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Infrastructure Stunts Philippine Tourist Potential — Durano
Philippine Tourism Secretary
Ace Durano

The Philippines would fail to meet its goal of attracting five million foreign tourists a year by 2010 due to poor transport links, the country's tourism czar said.

"The way the capacity is expanding, we feel that five million foreign tourists will not be achieved," Tourism Secretary Joseph "Ace" Durano told Reuters in an interview.

President Gloria Macapagal Arroyo wants to significantly boost the Philippine tourist trade by the time she leaves office in 2010 but, despite pristine beaches and an English-speaking population, the tropical archipelago remains a bit player in the holiday market.

Muslim and communist insurgencies as well as political instability have historically put visitors off visiting the Southeast Asian country but an underdeveloped leisure sector and poor infrastructure are arguably bigger drawbacks.

Elsewhere in Southeast Asia, Thailand has remained a top tourist draw despite SARS, bird flu, a military coup and a Muslim insurgency in the south and expects to draw 15.7 million foreign tourists this year, up 8.3 percent from last year.

Durano said he was frustrated that the lack of road links and suitable airports prevented the Philippines, which has more than 7,000 islands, from taking off as a major tourism player.

"Our existing destinations are more than the number of destinations that our competitors can offer, but we have to build up our capacity," he said.

"I am impatient at the same time because I see the potential of the country."

"We can be the Spain of Asia."

Earlier this year, the U.S. Federal Aviation Administration said that the Philippines did not comply with international safety standards and, across the country, underfunded airports were straining to deal with more travelers.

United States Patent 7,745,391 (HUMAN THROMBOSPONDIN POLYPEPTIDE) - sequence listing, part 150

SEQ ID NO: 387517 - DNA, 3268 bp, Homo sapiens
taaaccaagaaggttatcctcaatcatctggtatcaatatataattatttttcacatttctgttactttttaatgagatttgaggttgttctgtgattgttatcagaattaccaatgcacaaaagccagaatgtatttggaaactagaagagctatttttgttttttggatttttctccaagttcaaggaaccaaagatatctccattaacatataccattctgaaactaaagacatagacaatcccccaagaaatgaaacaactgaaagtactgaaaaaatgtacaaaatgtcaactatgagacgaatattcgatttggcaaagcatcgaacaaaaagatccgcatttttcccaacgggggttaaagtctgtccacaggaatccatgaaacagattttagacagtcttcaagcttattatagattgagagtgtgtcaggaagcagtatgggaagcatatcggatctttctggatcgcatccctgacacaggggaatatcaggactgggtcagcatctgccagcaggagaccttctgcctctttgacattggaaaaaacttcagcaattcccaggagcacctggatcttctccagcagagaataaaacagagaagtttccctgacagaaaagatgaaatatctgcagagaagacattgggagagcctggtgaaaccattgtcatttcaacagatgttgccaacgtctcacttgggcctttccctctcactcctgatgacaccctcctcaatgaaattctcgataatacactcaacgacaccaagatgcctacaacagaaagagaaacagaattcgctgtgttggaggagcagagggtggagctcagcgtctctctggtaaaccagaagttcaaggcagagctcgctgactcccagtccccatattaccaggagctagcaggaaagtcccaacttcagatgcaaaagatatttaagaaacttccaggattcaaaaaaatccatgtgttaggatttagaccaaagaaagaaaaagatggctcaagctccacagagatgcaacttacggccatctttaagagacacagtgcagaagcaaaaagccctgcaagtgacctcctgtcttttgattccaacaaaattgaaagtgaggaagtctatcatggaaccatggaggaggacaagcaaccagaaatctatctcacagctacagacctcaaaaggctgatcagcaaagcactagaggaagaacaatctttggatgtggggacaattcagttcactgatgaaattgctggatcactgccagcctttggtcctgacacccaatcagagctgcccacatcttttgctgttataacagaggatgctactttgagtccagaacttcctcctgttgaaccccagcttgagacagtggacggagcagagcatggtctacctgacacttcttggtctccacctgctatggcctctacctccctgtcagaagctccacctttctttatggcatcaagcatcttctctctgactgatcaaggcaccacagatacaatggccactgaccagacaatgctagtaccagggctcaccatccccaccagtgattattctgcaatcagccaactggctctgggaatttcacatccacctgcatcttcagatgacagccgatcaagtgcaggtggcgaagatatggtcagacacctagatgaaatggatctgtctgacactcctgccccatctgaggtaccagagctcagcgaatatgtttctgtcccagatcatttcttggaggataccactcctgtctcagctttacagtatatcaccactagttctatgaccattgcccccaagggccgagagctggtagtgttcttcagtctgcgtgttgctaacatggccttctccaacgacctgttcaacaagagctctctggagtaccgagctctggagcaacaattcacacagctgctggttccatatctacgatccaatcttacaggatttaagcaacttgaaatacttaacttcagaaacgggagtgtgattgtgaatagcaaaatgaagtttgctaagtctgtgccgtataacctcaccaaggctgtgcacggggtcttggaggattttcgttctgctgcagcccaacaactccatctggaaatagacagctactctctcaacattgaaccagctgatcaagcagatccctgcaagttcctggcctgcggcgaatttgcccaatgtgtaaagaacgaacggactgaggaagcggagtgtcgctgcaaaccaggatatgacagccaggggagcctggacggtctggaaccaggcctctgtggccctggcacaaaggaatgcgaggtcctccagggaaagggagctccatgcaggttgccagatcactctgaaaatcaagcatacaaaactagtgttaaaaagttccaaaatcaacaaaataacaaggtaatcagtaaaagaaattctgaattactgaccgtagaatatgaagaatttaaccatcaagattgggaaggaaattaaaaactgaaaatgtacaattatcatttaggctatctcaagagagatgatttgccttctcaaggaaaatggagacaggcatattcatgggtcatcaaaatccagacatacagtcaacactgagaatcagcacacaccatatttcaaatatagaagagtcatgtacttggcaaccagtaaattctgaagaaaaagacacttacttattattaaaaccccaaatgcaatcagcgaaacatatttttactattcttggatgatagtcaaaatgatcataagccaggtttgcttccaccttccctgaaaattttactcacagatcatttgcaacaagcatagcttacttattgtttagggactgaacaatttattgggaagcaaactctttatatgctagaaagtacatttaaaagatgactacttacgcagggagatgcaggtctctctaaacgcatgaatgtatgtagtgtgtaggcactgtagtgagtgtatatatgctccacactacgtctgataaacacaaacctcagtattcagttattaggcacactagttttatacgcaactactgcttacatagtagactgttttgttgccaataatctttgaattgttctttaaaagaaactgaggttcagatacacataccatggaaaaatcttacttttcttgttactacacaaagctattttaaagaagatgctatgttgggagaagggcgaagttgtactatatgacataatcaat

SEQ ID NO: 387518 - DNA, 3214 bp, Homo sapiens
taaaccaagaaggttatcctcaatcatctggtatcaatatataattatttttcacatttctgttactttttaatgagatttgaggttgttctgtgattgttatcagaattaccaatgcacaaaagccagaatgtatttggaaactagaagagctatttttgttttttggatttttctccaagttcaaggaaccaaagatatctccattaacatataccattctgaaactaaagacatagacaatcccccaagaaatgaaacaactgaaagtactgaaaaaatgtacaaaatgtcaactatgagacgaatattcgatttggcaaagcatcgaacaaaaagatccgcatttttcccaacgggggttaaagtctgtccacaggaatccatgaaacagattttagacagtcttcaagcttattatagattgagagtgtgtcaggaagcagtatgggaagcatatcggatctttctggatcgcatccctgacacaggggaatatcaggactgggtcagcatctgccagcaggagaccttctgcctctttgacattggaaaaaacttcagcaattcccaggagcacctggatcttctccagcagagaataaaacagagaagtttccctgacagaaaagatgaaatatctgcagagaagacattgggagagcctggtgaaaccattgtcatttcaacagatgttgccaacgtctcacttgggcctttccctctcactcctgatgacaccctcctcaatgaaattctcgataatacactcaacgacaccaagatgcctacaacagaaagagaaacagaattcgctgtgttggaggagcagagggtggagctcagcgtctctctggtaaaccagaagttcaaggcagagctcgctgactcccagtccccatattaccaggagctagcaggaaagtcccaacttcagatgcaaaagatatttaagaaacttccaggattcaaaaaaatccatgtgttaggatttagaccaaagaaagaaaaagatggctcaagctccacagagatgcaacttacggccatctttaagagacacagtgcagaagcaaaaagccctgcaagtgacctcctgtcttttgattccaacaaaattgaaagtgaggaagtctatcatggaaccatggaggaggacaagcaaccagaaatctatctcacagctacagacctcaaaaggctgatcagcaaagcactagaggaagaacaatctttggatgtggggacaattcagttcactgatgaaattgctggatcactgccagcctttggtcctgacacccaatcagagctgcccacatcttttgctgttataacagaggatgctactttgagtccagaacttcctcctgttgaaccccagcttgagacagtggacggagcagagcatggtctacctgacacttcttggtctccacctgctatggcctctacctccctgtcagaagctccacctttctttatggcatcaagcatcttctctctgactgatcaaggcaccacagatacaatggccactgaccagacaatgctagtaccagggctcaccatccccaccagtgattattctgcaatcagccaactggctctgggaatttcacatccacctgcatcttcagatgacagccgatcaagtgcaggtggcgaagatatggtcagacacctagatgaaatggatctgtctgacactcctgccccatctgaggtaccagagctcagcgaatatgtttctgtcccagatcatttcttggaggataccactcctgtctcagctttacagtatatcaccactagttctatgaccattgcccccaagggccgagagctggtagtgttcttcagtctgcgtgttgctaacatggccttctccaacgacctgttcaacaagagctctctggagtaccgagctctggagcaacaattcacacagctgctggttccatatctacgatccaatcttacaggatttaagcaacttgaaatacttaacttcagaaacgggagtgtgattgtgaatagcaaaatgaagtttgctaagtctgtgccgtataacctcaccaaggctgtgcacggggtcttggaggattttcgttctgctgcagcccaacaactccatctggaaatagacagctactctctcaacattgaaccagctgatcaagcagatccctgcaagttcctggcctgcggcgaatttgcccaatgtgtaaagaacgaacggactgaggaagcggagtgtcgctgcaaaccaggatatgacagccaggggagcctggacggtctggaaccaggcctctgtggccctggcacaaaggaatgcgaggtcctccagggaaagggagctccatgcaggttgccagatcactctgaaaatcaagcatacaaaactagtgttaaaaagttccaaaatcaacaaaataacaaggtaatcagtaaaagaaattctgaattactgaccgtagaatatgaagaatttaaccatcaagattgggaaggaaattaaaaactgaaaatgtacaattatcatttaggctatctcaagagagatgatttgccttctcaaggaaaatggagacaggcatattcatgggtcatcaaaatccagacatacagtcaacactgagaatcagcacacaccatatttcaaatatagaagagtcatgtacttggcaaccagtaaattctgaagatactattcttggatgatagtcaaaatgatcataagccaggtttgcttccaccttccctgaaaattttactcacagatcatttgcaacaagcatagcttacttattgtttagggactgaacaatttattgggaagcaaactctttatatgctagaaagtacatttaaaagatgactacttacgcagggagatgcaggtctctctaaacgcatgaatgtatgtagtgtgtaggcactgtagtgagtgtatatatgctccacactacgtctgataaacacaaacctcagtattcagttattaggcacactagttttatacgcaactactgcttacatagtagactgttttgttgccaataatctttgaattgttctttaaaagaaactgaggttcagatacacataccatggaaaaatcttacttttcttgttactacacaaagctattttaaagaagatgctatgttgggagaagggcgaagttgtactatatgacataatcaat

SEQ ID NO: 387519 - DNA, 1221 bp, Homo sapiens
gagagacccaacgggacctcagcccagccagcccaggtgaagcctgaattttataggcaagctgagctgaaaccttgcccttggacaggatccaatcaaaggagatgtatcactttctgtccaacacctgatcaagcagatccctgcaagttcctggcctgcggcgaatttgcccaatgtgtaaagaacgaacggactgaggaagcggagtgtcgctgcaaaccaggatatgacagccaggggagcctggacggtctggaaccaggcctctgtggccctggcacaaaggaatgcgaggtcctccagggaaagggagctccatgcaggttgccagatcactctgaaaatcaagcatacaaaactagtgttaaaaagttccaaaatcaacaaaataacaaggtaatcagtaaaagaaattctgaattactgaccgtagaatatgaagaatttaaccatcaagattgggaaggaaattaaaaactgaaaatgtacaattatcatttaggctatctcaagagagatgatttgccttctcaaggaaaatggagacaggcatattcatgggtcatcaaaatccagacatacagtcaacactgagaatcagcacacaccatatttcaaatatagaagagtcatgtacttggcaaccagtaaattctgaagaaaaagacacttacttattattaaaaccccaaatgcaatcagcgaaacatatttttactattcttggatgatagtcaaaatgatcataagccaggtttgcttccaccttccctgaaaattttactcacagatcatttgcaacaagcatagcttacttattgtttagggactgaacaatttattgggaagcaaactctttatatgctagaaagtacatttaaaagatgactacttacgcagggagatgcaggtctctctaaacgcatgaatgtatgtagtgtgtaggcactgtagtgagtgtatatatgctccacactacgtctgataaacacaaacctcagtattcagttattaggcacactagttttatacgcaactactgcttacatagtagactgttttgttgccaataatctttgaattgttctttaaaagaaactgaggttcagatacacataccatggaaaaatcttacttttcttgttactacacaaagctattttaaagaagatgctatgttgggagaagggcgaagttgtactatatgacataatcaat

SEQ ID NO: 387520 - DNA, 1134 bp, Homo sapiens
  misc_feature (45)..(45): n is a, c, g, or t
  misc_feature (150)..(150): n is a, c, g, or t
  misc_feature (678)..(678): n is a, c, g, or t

A new terminal for Manila's international airport, originally set to open in late 2002, remains mothballed due to a legal dispute. It was designed to handle 13 million passengers a year.

Despite capacity constraints and a shaky global economy, the Philippines is still aiming to increase tourist arrivals by 13 percent this year, aided by South Koreans wishing to learn English and newly minted Chinese seeking warmer climes.

"We are targeting 3.5 million tourists," Durano said. "We will get four million tourists by 2010."

"We are doing this by pushing for higher-value tourism services like ESL (English as a Second Language), wellness, medical tourism and shopping."

Last year was a record for Philippine tourism with nearly 3.1 million arrivals, translating to $4.8 billion in receipts, nearly meeting the $5.0 billion in receipts Arroyo had envisaged from five million visitors by 2010.

The main foreign market in 2007 was South Korea, accounting for around 21 percent of arrivals. Koreans come to the Philippines to learn English and often tour the country while doing so.

Durano said that, under the government's medium-term development plan, the country aims to spend P66.5 billion ($1.5 billion) on airports, seaports, railways and roads in the central Philippines, where the popular resort island of Boracay is located.

Currently, overseas visitors departing Boracay swelter in a tiny departure lounge without air conditioning.

Durano said the government would bid out this year the Caticlan airport, which handles most of the Boracay traffic, to private investors.






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